The legal team at the Electronic Frontier Foundation also confirmed Oracle as the main corporation stalling Aaron’s Law, but noted it wasn’t the only tech giant actively trying to keep the CFAA in its current, dangerous form.
“It is true that we were told by Congressional staffers that opposition from Oracle, and a tepid response from some other tech companies, including Google, have currently stalled the bill,” wrote Cindy Cohn, the legal director at the EFF. (Google denies taking any stance on any CFAA reform.)
“Oracle believes that it is important that it be able to threaten criminal liability against people who violate its contracts,” she said. “We also heard that other tech companies wanted to be able to threaten their employees and contractors with jail time if they misuse company information.”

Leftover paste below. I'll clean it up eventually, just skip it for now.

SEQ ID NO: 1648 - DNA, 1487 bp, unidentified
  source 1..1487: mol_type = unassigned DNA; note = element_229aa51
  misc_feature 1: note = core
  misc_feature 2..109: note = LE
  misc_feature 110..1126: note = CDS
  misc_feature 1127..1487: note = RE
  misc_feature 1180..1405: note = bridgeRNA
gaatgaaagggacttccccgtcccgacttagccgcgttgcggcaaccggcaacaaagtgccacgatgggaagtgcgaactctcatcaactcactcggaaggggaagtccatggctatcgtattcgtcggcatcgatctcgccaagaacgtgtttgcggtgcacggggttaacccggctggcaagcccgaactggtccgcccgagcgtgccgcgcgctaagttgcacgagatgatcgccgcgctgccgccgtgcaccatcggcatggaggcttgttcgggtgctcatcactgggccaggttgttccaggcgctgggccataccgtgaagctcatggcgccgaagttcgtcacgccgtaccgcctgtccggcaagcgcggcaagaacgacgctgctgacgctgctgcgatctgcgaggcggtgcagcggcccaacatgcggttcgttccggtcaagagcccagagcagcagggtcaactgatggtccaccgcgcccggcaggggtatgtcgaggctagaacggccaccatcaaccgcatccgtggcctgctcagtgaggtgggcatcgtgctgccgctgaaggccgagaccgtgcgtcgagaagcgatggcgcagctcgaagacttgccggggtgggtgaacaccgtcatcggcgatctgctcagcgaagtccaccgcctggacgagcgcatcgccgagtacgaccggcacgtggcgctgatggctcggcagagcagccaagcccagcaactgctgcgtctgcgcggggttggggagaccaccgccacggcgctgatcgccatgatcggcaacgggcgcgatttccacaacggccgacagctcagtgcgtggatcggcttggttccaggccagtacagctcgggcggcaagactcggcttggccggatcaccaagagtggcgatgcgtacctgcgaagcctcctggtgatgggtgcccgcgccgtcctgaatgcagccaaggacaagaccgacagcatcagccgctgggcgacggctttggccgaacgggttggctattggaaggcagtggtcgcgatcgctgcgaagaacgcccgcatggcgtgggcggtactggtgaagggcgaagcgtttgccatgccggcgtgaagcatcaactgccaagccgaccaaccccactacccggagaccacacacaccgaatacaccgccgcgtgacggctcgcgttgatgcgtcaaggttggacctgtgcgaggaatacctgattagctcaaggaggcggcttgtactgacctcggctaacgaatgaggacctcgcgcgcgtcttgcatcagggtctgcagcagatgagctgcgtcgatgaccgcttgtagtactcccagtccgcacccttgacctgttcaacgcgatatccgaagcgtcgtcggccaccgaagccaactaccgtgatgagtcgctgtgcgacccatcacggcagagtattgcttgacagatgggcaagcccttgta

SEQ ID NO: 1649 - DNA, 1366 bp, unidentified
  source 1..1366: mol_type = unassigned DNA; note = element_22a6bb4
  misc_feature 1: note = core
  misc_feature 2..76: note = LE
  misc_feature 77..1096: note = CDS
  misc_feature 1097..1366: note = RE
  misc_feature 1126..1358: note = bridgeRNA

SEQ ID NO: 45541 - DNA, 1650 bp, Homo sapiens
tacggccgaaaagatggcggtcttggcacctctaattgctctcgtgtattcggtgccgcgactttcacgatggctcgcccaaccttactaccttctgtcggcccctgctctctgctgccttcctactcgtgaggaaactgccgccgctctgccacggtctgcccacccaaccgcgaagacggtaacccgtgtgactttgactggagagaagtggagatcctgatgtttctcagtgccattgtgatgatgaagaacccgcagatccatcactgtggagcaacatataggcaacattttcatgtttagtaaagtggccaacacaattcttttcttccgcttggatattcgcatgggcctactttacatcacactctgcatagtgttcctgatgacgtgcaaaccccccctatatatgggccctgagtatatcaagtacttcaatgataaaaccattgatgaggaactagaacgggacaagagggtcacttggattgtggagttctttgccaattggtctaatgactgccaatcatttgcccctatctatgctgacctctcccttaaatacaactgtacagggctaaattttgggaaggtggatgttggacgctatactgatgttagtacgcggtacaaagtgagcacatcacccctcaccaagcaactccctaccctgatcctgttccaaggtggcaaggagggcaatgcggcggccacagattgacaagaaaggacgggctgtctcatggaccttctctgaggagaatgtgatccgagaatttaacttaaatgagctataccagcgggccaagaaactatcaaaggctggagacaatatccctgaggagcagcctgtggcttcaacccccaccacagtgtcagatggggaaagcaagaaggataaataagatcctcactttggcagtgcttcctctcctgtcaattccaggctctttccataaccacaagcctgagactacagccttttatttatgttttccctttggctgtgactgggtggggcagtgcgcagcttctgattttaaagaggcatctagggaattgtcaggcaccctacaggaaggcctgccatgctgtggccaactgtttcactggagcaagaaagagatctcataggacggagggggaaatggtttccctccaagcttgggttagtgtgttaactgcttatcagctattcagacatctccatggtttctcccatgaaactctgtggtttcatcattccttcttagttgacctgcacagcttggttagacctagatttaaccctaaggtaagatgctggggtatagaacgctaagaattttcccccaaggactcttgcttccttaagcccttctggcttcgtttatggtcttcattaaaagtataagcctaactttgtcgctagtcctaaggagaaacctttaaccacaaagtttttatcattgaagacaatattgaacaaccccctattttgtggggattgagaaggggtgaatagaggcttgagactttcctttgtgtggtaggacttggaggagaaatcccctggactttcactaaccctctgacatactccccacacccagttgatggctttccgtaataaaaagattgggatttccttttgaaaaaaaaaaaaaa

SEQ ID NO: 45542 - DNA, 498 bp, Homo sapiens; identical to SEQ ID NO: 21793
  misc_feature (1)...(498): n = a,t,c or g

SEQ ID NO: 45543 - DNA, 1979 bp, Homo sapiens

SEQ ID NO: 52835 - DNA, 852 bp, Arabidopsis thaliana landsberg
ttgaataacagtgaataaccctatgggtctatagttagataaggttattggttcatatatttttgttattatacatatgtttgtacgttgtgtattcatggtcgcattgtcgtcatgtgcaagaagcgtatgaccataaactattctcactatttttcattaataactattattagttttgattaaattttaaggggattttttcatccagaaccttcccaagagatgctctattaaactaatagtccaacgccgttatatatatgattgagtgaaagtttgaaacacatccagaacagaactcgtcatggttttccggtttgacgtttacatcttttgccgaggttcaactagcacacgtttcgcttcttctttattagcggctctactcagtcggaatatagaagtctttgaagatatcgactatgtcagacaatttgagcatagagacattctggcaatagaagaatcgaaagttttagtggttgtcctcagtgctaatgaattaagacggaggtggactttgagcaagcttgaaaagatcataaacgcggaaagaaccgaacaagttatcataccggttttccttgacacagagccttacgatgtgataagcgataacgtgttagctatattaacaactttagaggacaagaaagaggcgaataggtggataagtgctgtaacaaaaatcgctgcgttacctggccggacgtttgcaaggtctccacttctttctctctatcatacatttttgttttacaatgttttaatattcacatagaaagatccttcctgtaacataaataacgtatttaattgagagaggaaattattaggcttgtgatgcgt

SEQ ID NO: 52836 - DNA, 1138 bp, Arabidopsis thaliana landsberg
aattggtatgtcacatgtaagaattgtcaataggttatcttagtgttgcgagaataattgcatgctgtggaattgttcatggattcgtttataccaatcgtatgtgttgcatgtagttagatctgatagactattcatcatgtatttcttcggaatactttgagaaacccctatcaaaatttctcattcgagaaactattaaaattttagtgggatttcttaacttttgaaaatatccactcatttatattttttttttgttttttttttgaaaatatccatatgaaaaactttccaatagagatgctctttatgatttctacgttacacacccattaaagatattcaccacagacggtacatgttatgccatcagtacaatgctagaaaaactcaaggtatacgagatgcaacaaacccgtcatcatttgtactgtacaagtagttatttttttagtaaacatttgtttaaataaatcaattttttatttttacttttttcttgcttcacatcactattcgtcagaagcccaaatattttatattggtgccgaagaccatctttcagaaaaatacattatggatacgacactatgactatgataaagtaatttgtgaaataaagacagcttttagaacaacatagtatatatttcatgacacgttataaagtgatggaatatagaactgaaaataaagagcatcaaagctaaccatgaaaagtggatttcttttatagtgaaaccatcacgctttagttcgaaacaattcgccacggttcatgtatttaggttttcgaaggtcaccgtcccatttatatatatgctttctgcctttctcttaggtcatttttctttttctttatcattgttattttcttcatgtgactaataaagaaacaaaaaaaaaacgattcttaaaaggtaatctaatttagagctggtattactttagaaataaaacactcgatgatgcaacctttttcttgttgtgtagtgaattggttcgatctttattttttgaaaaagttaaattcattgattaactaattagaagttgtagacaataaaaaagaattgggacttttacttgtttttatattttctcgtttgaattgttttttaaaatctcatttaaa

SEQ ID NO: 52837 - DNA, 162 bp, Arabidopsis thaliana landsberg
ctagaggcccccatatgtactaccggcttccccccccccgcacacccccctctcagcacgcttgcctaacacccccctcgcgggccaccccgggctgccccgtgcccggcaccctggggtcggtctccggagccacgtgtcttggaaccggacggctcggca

By contracts, Cohn here means what employees sign when they go work for a tech company, as well as all ToS customers agree to when they sign up for, or buy, one of Oracle’s products. For example, if you download Oracle’s Terms of Service agreement from the company website and rearranged the text to say “eat a bunch of dicks,” this is a chargeable offense under the CFAA.